India rises to reveal shameful stench
INDIA is routinely touted as a big emerging market and a rising global player. Tomorrow New Delhi will host the fourth BRICS summit of the non-Western powerhouses Brazil, Russia, India, China, and South Africa.
Last June, Boston Consulting Group listed the US, China, Britain and India as the world's top four wealth creators in absolute gains. By their calculations, India's national wealth is estimated to grow by 18 per cent a year. All this is real enough. India is the world's fourth-largest economy in purchasing-power parity dollars and, on present trends, will rise to third within two decades.
Most major global corporations have a presence there, with substantial expansion plans. Many Indian corporations are expanding their footprints abroad, including in Australia, through investment, mergers and acquisitions. India's growing economic weight has translated into increased political clout.
...All major indicators are trending in the right direction: GDP, poverty, literacy, life expectancy, infrastructure, etc. GDP has quadrupled since economic reforms in 1991 and per capita income has doubled. India has an impressive scientific-technological base, considerable soft-power assets and a 25 million-strong diaspora to provide ballast in relations with the major Western countries. Exploiting the rising global profile, India has been aggressively branding itself with the slogan "Incredible India".
And yet India has the world's biggest pool of poor, sick, starving and illiterate. It ranks 134 on ease of doing business indicators, 119 on human development, 122 on gender equality, and 87 on corruption. On average, more than 16,500 farmers have committed suicide every year for 13 years running. The annual road death toll is around 150,000, thrice as many as the US or, on a per vehicle basis, almost 20 times the US. Most of those killed in India's traffic accidents are pedestrians, cyclists, motorcyclists and pillion riders - those from the poorer end of society.
Even this single statistic is a proxy for several ailments, including inadequate infrastructure that adds to road risks and public corruption that ensures weak compliance with driving skills and safety regulations.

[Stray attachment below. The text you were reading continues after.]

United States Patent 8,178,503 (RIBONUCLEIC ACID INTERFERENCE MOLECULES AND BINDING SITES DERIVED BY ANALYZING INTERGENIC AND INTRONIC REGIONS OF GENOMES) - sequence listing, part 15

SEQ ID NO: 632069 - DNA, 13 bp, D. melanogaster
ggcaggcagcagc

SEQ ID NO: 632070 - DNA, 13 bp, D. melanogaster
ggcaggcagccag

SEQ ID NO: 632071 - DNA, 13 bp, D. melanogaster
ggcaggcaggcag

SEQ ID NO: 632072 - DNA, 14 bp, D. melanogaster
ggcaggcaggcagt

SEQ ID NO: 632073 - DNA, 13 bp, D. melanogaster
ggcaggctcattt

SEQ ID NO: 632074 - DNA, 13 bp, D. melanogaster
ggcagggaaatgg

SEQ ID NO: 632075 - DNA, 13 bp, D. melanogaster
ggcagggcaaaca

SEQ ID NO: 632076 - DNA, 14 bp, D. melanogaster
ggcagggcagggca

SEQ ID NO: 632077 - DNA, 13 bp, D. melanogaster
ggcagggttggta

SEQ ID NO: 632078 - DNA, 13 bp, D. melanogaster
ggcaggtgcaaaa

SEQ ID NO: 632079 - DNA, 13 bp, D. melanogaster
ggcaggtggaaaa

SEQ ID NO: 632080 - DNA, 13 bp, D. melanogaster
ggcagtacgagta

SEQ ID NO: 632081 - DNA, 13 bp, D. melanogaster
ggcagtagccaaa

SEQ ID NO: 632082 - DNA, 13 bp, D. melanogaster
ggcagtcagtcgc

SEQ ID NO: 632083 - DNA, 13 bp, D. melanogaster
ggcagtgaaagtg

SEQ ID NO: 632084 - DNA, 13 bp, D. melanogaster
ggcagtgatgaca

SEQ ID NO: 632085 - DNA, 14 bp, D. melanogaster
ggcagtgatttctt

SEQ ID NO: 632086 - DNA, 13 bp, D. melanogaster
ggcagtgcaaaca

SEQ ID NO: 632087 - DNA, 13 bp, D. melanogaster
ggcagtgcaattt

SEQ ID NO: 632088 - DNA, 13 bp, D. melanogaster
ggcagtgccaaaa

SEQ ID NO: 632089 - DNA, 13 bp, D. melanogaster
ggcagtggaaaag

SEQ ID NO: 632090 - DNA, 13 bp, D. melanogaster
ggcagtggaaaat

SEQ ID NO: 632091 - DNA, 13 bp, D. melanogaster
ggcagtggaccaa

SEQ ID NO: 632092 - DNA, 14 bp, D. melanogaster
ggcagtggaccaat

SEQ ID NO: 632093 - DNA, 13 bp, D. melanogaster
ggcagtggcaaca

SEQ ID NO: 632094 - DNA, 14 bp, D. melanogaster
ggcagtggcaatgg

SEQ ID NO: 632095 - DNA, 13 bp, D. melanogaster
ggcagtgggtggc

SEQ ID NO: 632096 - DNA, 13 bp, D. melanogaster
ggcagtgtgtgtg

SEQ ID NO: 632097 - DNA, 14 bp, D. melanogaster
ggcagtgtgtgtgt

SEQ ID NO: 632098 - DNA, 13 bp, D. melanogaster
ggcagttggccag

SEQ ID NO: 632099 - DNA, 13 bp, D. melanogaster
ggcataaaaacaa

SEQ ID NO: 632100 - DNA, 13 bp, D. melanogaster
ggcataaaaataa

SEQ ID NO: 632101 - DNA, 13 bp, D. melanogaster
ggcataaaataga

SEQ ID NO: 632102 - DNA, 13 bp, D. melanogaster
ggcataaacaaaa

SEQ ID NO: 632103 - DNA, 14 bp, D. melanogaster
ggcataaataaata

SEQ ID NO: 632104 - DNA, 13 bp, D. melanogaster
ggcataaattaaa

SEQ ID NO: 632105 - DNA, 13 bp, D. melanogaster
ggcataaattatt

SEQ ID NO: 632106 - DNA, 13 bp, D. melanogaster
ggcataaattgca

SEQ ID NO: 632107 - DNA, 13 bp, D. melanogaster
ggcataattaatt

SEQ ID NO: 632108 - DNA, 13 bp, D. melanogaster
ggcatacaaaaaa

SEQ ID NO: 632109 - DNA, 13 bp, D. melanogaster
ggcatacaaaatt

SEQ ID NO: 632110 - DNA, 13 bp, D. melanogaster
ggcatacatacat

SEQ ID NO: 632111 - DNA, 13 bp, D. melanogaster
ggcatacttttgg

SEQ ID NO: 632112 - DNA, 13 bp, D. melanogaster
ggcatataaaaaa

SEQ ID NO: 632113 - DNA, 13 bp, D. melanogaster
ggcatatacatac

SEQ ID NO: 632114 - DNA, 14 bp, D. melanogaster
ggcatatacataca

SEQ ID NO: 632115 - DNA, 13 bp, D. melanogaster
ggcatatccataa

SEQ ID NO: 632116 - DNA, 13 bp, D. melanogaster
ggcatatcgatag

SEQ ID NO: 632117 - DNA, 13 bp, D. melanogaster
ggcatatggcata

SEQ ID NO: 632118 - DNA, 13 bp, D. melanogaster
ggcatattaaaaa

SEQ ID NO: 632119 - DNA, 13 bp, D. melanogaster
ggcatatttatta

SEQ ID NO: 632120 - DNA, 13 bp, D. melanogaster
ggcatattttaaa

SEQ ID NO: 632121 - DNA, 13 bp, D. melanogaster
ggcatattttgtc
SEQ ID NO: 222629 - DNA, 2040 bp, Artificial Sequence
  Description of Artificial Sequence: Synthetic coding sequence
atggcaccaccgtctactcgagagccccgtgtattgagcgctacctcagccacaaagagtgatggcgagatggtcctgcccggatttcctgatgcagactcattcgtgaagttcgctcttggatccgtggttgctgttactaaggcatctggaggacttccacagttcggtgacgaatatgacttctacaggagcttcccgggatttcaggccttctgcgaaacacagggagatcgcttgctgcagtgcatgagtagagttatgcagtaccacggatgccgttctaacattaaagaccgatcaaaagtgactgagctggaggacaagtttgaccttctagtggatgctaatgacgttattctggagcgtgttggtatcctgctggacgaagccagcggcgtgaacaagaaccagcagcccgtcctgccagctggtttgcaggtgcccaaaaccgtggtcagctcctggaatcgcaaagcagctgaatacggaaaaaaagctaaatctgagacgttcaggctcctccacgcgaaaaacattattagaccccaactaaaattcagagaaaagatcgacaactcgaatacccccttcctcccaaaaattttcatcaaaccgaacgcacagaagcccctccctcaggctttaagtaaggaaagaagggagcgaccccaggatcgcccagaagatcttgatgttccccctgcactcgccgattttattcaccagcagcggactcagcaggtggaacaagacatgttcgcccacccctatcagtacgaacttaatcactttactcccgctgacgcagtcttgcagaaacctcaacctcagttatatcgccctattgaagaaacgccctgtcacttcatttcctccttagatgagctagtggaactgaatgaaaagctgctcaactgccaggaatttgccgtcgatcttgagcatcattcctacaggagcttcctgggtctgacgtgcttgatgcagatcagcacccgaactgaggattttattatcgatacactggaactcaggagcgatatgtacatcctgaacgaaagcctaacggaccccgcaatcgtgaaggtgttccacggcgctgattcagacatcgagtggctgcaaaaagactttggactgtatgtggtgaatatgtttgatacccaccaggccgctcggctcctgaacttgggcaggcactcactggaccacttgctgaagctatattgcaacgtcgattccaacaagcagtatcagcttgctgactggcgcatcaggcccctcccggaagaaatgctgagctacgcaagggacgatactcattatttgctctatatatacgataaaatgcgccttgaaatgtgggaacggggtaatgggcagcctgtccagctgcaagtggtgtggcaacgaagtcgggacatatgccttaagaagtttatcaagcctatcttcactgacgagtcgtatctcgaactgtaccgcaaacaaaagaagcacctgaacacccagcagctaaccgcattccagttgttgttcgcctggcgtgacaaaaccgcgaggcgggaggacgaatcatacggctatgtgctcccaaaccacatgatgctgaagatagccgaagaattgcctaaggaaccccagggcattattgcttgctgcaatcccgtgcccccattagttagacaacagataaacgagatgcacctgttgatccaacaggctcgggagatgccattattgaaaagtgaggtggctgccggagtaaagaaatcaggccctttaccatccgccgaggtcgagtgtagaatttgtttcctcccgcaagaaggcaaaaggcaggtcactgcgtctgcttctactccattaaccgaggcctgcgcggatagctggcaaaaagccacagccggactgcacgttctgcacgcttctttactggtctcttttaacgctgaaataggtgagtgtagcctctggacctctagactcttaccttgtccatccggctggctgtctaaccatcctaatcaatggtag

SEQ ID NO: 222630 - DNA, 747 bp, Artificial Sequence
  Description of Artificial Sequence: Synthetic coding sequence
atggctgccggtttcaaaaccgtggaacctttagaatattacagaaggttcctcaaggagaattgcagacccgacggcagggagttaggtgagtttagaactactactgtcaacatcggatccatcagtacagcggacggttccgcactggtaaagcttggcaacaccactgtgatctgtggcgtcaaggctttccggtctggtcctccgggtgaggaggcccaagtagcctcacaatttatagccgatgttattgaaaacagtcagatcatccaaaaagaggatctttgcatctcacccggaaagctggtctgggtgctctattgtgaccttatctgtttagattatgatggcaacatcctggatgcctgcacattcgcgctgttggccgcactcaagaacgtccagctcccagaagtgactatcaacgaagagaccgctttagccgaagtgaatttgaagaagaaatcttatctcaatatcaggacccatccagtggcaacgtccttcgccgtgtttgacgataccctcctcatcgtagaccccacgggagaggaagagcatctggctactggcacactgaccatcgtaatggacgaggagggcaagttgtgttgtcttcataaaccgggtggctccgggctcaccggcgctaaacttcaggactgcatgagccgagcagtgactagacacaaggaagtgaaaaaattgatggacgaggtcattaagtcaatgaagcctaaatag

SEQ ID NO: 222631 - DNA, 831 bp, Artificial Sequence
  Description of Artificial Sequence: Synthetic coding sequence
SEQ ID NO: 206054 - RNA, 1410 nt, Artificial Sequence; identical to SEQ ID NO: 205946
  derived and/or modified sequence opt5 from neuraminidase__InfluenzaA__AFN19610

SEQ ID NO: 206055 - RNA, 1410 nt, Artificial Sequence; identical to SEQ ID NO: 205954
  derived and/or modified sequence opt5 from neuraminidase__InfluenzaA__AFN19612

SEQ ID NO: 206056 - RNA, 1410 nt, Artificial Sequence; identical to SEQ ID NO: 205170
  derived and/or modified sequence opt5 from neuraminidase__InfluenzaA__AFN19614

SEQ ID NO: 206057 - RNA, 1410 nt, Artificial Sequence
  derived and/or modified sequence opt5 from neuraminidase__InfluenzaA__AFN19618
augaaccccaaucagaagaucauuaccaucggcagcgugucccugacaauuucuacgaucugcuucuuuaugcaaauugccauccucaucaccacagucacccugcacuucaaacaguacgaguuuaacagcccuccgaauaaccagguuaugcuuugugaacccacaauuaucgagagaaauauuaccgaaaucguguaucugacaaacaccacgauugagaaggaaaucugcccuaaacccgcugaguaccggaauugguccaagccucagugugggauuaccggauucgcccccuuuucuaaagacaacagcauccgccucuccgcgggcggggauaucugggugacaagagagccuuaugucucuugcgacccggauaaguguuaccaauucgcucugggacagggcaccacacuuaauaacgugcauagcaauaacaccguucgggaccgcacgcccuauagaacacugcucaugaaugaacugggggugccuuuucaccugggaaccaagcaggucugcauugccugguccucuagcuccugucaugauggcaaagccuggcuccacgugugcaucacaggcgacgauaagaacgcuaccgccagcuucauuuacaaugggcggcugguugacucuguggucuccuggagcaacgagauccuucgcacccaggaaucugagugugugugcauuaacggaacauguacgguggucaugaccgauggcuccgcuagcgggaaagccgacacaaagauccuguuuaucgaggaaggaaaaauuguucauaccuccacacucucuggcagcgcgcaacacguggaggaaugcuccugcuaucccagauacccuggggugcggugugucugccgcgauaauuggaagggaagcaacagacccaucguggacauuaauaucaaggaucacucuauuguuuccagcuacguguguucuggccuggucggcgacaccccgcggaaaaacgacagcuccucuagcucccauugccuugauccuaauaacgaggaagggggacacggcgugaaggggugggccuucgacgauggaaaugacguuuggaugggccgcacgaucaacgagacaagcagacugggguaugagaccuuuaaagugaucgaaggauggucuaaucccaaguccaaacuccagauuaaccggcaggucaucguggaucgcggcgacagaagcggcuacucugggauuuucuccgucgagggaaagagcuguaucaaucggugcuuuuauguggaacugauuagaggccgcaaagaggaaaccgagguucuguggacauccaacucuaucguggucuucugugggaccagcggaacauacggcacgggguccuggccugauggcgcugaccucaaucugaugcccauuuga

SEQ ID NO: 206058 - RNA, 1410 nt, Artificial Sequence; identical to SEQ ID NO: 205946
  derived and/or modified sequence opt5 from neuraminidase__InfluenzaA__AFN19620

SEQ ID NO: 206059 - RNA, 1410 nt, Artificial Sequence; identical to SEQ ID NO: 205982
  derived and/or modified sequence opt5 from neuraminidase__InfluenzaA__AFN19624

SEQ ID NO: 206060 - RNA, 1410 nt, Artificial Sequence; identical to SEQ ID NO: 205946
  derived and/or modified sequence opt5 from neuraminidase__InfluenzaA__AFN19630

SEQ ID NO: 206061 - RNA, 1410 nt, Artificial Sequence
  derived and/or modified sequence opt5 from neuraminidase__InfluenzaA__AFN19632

A report published in January by the Hong Kong-based Political and Risk Consultancy rated India's bureaucrats the most inefficient in Asia with a score of 9.21 out of 10, below China (7.11), The Philippines (7.57), Indonesia (8.37) and Vietnam (8.54). Singapore was judged the best (2.25) followed by Hong Kong (3.53). The report was based on a survey of business executives. Respondents also highlighted onerous and complex tax, environmental and other regulations and a time-consuming, costly and unpredictable court system.
Also in January, the Program for International Student Assessment published its findings of comparative national academic performance of 15-year-old school students in maths, science and English. In the 73 countries tested, India came second last, ahead only of Kyrgyzstan. An eighth-grade Indian student fared the same as a South Korean grade three or a Shanghai grade two student.
Yet another study, also published in January, based on a survey of height and weight of more than 100,000 children in six states, found that 42 per cent of India's children were moderately-severely underweight, and 59 per cent suffered from moderate-severe stunting. Prime Minister Manmohan Singh described the results as a "national shame".
The following month a government committee concluded that Indian railways have been responsible for thousands of deaths. Some 15,000 people are killed every year trying to cross unfenced railway tracks, half of them in Mumbai alone.
The report called for urgent investment, but when the Railway Minister announced a fare increase to raise the revenue base to invest back in railways for modernisation and upgrade of services and safety, he was forced to resign by his own party, which is in the coalition government.
We read last year how India has more mobile phones than toilets. Some years ago, I had organised an international workshop in a resort along a beautiful stretch of India's eastern coast.
A European participant decided to go for a pre-breakfast run along the beach. I well remember his look of utter disgust and horror as he told us how he had to thread his way through the folks of the village squatting along the beach, defecating. According to a UNICEF survey last year, 58 per cent of the world's population practising open defecation lives in India.
Not all the perfumes of Arabia will wash away the stench of these sorry but entirely credible statistics. Incredible India, indeed. No wonder the Chinese are openly disdainful of efforts by Indians to compare themselves to China.
Ramesh Thakur is professor of international relations, Crawford School, Australian National University and adjunct professor in the Institute of Ethics, Governance and Law, Griffith University